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Monday, January 1, 2018

Segovia's Medieval Treasures: Ayllón

Ayllón with its Martinete tower and Baroque bell gable of Santa María
All photos in this post 2017 Jessica Knauss 
Spanish mornings are long. We got on the tour bus at 8 a.m., having swallowed some churros or other fast breakfast food, and we thoroughly experienced Santa María de la Riaza, which would've been enough medieval art for any other day or week, and then made it to Ayllón, but it was still nowhere near lunchtime.

Ayllón's Plaza Mayor 
Although Ayllón has works of art from most time periods, our tour focused on Romanesque standouts and the Gothic expressions inside them, and we still had our hands overfull.

In fact, Romanesque churches were so abundant in the province of Segovia that—surprise, surprise—people in later time periods didn't value them, care for them, or even bother to keep them in one piece sometimes. The first monument we saw were the ruins of San Nicolás, which was converted into the gate of the municipal cemetery in the nineteenth century by demolishing everything but one doorway.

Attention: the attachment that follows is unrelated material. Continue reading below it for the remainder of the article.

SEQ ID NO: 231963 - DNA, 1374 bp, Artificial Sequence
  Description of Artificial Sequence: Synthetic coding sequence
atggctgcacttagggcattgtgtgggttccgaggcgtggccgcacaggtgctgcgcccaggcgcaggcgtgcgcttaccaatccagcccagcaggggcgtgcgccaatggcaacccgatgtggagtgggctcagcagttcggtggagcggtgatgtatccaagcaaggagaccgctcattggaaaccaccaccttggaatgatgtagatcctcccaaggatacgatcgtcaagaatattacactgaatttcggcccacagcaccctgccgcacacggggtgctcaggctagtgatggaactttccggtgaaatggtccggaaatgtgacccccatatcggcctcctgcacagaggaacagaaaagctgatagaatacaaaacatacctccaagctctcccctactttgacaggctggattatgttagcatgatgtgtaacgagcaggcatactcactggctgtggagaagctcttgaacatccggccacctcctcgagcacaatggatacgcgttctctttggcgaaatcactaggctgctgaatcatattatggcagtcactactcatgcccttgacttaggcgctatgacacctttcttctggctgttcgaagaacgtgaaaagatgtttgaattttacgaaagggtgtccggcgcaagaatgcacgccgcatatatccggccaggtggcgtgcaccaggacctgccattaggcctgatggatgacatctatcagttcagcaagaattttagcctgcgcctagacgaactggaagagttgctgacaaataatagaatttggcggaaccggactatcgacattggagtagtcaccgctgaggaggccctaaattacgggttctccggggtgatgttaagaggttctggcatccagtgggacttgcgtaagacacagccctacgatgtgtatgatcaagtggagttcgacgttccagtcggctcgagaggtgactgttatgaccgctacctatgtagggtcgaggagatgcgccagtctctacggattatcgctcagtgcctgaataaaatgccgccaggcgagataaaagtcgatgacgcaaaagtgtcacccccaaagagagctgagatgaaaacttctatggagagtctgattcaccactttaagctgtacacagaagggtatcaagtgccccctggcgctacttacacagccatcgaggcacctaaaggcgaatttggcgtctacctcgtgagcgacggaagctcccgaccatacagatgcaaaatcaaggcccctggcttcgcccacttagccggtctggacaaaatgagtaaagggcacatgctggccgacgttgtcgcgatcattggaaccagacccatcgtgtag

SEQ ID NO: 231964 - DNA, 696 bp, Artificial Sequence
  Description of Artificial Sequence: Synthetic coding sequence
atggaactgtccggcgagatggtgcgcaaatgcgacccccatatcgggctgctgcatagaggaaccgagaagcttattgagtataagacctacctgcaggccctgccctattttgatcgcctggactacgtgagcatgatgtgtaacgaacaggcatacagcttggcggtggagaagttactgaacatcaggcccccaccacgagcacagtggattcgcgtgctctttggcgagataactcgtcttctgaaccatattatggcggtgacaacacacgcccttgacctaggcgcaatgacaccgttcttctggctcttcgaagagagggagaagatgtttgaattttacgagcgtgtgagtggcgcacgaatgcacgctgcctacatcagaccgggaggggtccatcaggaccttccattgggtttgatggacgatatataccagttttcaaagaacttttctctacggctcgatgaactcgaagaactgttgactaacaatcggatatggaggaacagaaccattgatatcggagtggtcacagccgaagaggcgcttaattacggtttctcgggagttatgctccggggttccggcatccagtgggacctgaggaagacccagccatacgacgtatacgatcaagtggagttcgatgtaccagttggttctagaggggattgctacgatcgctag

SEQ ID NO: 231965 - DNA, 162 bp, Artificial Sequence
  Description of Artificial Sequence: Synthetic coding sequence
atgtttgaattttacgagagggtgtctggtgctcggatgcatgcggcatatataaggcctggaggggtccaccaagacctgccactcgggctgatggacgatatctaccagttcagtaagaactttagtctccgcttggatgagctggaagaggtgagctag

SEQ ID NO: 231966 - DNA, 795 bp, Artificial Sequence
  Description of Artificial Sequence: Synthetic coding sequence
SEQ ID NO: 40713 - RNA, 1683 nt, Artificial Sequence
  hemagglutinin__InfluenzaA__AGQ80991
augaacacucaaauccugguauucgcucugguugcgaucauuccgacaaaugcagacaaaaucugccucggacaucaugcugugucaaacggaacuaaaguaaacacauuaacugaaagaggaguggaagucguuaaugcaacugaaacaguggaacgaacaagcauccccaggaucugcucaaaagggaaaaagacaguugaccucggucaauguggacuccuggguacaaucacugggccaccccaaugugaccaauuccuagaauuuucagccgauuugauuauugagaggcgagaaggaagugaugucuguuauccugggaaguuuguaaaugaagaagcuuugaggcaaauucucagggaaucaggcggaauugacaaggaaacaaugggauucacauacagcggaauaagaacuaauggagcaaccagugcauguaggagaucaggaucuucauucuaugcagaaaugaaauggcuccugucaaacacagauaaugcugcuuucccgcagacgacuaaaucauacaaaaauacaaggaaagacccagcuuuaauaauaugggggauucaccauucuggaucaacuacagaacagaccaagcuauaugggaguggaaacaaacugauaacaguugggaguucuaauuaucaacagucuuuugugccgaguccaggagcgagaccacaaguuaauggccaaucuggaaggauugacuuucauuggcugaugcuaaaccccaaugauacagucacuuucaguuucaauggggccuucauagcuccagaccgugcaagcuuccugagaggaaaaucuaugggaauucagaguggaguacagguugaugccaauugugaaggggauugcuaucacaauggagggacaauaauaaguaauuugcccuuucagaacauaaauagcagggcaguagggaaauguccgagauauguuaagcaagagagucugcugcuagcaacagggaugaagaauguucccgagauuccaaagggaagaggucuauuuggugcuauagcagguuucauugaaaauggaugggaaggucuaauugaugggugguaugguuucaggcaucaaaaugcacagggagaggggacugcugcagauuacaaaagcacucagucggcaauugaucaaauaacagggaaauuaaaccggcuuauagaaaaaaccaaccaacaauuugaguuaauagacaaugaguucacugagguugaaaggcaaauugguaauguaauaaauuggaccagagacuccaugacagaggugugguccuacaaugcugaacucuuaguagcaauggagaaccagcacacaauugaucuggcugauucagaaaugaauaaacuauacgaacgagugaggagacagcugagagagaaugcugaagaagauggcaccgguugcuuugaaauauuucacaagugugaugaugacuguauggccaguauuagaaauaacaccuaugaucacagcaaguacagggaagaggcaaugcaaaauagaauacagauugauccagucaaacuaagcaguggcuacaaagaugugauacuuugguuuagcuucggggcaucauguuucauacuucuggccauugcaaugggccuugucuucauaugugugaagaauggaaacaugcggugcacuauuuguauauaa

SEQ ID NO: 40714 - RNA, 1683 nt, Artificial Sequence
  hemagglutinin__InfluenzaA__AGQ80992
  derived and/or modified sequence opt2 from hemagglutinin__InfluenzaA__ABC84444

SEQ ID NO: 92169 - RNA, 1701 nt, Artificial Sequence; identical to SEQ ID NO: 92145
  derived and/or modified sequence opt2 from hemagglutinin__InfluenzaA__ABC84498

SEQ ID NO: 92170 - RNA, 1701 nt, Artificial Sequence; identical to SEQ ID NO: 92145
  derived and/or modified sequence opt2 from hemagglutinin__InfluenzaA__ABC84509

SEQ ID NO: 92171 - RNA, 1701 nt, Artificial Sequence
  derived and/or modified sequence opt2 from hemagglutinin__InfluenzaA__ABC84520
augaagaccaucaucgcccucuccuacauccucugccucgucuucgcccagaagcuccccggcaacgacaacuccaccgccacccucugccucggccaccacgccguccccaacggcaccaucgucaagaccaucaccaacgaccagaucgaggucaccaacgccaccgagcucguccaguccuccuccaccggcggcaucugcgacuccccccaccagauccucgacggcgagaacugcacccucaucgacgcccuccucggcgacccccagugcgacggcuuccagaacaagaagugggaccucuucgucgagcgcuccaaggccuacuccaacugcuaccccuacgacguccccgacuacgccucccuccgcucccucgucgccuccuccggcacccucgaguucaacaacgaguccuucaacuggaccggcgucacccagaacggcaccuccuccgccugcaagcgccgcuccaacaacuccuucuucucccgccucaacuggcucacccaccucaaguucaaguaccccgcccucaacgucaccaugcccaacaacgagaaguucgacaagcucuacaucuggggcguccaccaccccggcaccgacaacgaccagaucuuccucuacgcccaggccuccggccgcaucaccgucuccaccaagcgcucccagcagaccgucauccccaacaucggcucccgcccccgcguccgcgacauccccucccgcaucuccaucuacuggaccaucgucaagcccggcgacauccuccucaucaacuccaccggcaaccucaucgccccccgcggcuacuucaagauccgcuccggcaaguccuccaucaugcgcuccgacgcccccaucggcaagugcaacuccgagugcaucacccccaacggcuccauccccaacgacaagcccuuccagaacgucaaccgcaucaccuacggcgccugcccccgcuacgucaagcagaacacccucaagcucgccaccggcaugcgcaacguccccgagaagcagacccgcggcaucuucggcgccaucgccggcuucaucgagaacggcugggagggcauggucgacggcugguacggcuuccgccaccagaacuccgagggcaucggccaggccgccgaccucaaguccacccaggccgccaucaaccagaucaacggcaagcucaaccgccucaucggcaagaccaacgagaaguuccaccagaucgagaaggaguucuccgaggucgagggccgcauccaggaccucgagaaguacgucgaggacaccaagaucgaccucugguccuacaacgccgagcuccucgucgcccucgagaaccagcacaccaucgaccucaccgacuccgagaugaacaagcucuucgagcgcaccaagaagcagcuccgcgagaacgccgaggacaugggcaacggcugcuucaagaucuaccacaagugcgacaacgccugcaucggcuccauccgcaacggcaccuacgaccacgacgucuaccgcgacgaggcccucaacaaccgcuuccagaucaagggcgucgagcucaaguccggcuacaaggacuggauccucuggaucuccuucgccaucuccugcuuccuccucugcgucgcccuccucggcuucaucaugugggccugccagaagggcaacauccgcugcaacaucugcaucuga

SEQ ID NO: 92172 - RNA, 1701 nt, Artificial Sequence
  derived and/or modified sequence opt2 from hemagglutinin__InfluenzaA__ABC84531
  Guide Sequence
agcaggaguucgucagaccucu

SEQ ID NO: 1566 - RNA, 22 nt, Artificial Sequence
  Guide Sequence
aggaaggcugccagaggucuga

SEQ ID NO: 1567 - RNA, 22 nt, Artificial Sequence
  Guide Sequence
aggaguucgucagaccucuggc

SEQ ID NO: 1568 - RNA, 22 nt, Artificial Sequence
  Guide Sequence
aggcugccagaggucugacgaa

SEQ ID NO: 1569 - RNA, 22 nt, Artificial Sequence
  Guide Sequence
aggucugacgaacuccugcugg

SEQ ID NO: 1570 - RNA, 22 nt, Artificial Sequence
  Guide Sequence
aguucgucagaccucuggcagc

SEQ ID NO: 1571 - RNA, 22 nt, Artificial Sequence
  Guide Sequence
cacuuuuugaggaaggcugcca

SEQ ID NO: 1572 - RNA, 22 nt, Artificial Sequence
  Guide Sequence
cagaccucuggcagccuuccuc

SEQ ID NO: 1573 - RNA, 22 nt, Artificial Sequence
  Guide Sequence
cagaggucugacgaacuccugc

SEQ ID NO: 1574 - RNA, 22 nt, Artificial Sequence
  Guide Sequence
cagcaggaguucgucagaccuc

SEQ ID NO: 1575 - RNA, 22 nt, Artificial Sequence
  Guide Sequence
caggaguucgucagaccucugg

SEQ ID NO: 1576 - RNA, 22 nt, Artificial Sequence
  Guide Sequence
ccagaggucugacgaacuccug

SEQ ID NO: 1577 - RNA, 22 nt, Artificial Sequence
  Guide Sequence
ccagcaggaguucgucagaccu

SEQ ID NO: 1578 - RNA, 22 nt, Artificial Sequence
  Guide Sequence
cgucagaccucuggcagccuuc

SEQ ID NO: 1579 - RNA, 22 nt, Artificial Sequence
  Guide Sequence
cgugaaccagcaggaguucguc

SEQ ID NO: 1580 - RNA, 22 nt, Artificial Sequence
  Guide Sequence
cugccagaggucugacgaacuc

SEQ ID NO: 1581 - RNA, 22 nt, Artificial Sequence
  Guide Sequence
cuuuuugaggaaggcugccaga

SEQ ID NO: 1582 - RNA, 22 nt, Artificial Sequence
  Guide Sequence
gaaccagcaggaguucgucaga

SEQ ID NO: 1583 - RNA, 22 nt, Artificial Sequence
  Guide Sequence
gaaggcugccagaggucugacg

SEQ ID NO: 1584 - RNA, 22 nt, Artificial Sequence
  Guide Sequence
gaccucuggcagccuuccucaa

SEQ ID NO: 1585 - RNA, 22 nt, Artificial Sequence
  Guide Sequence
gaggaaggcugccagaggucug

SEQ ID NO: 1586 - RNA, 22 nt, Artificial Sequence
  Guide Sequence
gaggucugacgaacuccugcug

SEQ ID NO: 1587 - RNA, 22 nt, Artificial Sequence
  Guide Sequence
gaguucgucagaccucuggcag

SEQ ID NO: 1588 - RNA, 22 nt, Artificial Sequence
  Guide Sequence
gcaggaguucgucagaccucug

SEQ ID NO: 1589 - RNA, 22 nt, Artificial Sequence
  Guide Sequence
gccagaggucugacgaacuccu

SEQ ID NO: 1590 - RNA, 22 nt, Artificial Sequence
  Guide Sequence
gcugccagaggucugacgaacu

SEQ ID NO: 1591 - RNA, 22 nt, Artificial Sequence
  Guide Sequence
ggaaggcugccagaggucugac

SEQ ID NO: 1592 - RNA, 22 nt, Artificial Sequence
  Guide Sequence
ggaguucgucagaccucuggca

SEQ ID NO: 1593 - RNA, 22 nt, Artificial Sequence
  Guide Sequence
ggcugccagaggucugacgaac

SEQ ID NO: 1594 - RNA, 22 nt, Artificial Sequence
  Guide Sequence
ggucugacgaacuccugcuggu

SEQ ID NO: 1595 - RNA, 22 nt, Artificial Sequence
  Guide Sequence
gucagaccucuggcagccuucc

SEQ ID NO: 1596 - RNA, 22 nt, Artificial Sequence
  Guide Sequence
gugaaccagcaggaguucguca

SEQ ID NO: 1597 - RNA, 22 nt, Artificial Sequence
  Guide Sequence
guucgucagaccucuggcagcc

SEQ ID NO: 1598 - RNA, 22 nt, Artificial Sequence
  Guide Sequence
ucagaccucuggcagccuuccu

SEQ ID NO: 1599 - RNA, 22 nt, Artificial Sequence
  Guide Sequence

These fighters are so weathered, I would've misinterpreted them
without the expert guidance of Arteguías
They scavenged a few column capitals and placed them according to their own tastes. We took the opportunity to study them at length, identifying heads, angels, and medieval handfighters.

Another case of Romanesque reappropriation was Santa María la Mayor, a mostly Baroque edifice close to the Plaza Mayor with an impressive bell gable.

The lion attacks represent the way the flesh passes on. 

Left: Weighing souls.
Right: An angel holds up a monogram of Christ that has its Alpha and Omega letters transposed. 
On the northern and eastern outer walls of Santa María, restorers placed Romanesque reliefs that probably originated in the church the Baroque builders replaced. The figures include lions pouncing on humans, an angel with a special monogram of Christ, and an instance of weighing souls in judgment. Why did they place those last two so high?

In the gorgeous porticoed Plaza Mayor, the main attraction was the church of San Miguel. It's now used as Ayllón's tourism office, and is a museum of marvels, inside and out. The apse is partially buried under street level, but that put the corbels that much closer to our avid eyes.

Here we see many corbels depicting people at various tasks, including a delightful one with a stoneworker doing some fine detail carving with one of his enormous medieval tools. Note the intricate crosshatching above and the quatrefoil flowers between the corbels.

The southern entrance eroded quite a bit before they put a porch shelter over it. Its geometric decoration has heavy Sorian influence.

Different masonry styles and a mysterious balcony 
I'm really impressed with María Álvarez de Vallejo. She's an avid reader even now!